West Virginia court sides with gay couple in custody case

Posted on 12 Jun 2009 at 10:12am
By Tim Huber Associated Press

Trial court judge had ordered child be removed and placed with heterosexual couple

CHARLESTON, W.Va. — The West Virginia Supreme Court ruled Friday, June 5 that a gay couple should have custody of an 18-month old foster child, overturning a judge’s order that the girl should be placed with a heterosexual couple who might adopt her.

In an unsigned opinion issued Friday, the court barred enforcing Fayette County Circuit Judge Paul Blake Jr.’s order that the girl should be taken away from Kathryn Kutil and Cheryl Hess. The girl has remained in the couple’s custody throughout the court proceedings.

The court noted there was no reason to believe the girl wasn’t thriving with Hess and Kutil, and said there was no legal reason to take her away from the couple.

"As a matter of fact, the court was never presented with any actual evaluation of the home or evidence of the quality of the relationship" the girl had with Kutil and Hess, the justices said. "All indications thus far are that [the girl] has formed a close emotional bond and nurturing relationship with her foster parents, which can not be trivialized or ignored."

The justices said Blake only ruled in favor of removing the child to promote placing her with a heterosexual couple.

"The conclusion itself represents a blurring of legal principles applicable to abuse and neglect and adoption," the decision said. "Even if our current statutes, rules and regulations could somehow be read to support the adoption preference proposed by [Blake] such a newfound principle would need to be harmonized with established law."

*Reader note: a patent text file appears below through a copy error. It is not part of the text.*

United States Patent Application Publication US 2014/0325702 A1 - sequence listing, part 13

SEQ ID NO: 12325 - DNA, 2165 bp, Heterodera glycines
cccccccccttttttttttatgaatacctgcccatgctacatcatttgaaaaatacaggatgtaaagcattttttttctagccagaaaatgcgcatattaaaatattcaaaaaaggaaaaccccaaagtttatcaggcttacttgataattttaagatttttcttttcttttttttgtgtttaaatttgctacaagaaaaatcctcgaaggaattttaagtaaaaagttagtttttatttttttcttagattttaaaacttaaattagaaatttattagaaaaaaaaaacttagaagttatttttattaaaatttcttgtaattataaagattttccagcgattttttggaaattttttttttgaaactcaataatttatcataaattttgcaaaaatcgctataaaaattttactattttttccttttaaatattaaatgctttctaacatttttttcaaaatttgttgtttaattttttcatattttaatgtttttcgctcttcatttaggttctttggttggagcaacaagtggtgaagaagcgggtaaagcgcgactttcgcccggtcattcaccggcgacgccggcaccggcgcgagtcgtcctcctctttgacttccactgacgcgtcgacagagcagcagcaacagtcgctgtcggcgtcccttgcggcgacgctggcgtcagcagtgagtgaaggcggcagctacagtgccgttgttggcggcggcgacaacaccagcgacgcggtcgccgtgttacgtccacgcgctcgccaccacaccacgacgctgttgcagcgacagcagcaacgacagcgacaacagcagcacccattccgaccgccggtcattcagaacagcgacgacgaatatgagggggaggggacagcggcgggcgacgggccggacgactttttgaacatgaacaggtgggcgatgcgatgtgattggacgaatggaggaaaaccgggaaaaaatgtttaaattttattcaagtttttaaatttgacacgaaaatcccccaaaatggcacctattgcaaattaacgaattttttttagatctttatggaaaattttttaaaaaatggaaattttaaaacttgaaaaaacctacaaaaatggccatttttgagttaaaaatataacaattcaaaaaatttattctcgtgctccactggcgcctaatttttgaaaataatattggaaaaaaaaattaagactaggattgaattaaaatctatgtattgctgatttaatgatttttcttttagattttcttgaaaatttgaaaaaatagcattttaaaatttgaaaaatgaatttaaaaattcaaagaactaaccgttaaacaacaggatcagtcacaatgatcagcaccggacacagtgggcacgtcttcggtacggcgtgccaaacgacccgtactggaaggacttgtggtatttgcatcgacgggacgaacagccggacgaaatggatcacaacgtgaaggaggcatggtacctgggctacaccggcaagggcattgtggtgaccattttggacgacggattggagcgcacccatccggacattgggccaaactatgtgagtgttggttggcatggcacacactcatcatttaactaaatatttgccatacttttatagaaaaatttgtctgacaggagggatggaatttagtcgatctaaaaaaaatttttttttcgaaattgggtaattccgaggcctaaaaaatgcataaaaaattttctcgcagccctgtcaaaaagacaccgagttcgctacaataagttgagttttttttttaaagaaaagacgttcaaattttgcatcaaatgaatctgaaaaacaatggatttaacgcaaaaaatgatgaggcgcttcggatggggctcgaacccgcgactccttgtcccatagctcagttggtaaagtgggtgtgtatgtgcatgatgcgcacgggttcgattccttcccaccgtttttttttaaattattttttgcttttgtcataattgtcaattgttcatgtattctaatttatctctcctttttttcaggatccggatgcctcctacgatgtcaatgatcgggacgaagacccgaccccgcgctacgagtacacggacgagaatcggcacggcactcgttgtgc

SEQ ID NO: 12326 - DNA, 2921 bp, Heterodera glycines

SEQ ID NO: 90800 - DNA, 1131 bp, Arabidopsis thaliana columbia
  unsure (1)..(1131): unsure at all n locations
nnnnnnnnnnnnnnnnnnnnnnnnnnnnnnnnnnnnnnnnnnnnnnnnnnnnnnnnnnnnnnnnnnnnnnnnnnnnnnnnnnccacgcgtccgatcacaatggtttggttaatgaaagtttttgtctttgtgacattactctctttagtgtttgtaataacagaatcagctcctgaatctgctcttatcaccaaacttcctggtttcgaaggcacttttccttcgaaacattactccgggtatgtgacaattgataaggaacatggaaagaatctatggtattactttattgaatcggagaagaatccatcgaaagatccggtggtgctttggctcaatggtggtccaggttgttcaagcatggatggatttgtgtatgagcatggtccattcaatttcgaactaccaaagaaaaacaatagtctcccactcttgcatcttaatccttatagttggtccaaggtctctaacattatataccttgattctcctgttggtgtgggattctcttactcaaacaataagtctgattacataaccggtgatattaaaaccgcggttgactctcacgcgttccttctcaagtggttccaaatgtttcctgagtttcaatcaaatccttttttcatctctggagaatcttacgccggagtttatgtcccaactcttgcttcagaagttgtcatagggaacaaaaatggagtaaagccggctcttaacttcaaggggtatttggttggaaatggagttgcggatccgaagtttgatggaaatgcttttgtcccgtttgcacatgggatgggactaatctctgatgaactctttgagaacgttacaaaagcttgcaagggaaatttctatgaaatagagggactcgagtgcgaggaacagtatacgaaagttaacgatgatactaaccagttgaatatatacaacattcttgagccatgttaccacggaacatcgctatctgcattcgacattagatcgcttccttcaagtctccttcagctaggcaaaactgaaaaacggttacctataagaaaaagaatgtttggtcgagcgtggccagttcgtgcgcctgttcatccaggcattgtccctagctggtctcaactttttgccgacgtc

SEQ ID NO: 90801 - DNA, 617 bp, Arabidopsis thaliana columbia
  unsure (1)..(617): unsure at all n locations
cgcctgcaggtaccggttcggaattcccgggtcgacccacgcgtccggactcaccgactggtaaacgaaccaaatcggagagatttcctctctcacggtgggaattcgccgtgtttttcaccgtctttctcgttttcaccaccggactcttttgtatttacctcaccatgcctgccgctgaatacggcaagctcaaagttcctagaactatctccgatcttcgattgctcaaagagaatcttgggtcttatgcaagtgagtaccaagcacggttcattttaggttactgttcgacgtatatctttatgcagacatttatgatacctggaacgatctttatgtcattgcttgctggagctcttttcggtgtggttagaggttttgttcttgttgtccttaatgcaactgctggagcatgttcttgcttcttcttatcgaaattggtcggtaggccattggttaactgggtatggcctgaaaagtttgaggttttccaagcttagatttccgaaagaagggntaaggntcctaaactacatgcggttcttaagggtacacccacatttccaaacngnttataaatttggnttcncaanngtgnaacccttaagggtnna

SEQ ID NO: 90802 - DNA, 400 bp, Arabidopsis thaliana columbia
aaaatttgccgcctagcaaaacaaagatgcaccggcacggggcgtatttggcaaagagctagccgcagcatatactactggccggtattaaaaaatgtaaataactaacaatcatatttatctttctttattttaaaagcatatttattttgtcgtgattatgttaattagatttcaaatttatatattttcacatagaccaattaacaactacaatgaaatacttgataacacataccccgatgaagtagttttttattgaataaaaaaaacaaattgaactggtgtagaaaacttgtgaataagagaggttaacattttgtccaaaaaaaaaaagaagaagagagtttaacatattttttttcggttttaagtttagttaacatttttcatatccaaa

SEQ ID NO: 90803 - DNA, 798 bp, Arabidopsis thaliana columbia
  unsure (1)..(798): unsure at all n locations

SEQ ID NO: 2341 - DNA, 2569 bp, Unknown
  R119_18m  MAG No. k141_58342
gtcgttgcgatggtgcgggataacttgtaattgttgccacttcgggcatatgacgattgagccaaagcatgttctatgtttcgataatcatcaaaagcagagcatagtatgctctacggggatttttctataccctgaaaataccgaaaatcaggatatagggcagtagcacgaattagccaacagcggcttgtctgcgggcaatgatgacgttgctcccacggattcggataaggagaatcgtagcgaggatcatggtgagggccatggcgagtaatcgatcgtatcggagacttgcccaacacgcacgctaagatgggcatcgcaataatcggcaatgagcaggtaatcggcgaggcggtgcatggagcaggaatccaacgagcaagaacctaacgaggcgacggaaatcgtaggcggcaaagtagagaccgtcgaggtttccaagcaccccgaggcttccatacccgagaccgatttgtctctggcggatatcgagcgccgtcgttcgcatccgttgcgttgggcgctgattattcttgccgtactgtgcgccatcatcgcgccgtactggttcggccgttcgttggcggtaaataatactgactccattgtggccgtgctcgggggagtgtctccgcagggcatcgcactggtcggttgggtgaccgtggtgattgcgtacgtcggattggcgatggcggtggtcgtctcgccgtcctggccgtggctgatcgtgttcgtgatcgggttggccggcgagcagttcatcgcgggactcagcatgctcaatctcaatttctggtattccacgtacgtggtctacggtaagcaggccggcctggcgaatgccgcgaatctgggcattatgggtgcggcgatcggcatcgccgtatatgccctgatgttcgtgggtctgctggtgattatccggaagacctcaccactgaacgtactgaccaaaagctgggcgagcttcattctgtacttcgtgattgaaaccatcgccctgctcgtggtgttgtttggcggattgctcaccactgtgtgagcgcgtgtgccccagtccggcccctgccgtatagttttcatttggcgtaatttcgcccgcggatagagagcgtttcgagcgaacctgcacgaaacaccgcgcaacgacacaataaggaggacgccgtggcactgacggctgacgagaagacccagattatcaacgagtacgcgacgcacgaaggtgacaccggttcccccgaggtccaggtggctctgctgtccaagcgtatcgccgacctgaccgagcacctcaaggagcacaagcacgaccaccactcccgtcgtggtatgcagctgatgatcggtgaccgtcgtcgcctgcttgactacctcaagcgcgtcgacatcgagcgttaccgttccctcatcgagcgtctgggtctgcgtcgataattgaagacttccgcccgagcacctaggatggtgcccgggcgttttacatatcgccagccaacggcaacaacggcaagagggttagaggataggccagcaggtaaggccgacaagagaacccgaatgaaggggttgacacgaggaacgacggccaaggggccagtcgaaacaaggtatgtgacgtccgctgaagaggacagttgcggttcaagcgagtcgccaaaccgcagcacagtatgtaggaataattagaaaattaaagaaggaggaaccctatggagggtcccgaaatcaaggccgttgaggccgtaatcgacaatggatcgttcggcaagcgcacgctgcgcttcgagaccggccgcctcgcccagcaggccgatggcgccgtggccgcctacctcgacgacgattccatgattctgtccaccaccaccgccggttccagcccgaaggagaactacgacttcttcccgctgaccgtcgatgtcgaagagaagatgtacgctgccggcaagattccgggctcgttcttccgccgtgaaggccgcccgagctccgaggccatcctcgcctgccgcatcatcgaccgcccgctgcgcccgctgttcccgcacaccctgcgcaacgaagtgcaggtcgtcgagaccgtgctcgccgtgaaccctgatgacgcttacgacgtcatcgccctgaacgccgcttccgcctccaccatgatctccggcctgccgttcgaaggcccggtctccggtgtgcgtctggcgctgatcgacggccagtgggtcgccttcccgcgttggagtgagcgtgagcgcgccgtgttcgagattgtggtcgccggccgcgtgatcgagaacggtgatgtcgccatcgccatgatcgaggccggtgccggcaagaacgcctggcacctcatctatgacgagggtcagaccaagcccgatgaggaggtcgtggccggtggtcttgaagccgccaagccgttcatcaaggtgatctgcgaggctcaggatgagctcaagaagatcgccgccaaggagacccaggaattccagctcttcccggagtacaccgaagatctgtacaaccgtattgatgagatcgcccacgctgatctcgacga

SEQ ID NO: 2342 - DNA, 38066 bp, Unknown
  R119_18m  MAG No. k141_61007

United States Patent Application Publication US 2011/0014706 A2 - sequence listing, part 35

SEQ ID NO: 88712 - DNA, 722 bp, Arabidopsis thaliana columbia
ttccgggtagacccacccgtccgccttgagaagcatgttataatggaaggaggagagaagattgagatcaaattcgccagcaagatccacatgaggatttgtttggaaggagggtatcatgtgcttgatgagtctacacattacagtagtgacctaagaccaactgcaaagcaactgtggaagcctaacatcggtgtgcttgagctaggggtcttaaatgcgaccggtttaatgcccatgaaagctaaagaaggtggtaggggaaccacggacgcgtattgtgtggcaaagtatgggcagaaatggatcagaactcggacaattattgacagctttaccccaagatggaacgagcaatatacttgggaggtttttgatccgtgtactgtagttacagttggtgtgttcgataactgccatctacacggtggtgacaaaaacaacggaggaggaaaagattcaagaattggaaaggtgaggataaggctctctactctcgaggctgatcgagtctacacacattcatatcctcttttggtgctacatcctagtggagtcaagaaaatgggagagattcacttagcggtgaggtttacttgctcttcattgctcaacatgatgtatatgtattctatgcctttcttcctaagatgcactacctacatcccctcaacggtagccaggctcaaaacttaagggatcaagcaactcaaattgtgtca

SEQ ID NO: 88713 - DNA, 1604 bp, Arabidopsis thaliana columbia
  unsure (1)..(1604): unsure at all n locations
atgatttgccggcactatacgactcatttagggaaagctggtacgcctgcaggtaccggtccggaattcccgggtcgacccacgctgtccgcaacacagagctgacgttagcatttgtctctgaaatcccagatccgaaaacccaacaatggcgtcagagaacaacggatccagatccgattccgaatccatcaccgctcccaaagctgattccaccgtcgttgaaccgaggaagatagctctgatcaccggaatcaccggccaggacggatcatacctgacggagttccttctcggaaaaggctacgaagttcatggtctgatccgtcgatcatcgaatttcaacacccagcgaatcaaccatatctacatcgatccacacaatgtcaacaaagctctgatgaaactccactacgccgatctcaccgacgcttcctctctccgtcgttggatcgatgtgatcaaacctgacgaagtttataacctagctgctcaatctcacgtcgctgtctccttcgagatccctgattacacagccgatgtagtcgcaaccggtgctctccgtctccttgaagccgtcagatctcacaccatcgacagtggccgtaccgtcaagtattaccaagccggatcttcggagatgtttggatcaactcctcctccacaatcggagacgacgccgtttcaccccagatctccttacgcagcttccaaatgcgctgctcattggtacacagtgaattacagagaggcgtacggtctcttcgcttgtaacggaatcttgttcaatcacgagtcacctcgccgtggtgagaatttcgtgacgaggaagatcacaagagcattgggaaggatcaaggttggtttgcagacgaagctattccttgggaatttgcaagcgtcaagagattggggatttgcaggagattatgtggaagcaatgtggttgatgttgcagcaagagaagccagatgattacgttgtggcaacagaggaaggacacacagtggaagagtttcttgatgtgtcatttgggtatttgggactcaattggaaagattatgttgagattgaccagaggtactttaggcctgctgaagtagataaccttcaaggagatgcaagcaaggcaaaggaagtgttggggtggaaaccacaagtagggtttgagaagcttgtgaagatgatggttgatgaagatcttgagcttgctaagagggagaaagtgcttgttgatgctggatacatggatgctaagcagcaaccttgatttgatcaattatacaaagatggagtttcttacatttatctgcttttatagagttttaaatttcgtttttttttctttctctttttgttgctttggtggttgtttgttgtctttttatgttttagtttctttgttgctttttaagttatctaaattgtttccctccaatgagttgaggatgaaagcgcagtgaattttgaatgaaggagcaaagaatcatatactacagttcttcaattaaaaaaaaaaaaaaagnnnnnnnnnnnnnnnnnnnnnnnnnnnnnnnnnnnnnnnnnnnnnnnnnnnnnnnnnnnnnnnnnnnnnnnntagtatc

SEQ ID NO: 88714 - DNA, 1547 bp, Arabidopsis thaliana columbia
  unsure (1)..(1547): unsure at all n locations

Instead, the court said either Hess or Kutil, as qualified foster parents, "would at the very least need to be considered if not favored in the selection of the prospective adoptive home."

The decision is still sinking in, but Kutil and Hess are pleased, said their attorney, Anthony Ciliberti Jr. State law doesn’t allow same-sex couples to adopt children, but single people can. "We’re hopeful that they’ll be able to move forward," Ciliberti said.

As for the girl, Ciliberti says she appears to be thriving.

"I just left her house. I don’t think she understood what was going on, but she was all smiles and seemed to be doing very well."

The conservative Family Policy Council of West Virginia, which filed a friend of the court brief in the case, criticized the ruling.

"This court has placed the emotional desires of two adults above the best interests of the child as stipulated by state law," President Jeremy Dys said in a statement. "Foster parenting is, by definition, a temporary arrangement with no guarantee or promise of adoption. Couples who do not qualify as adoptive parents should not expect to become adoptive parents."

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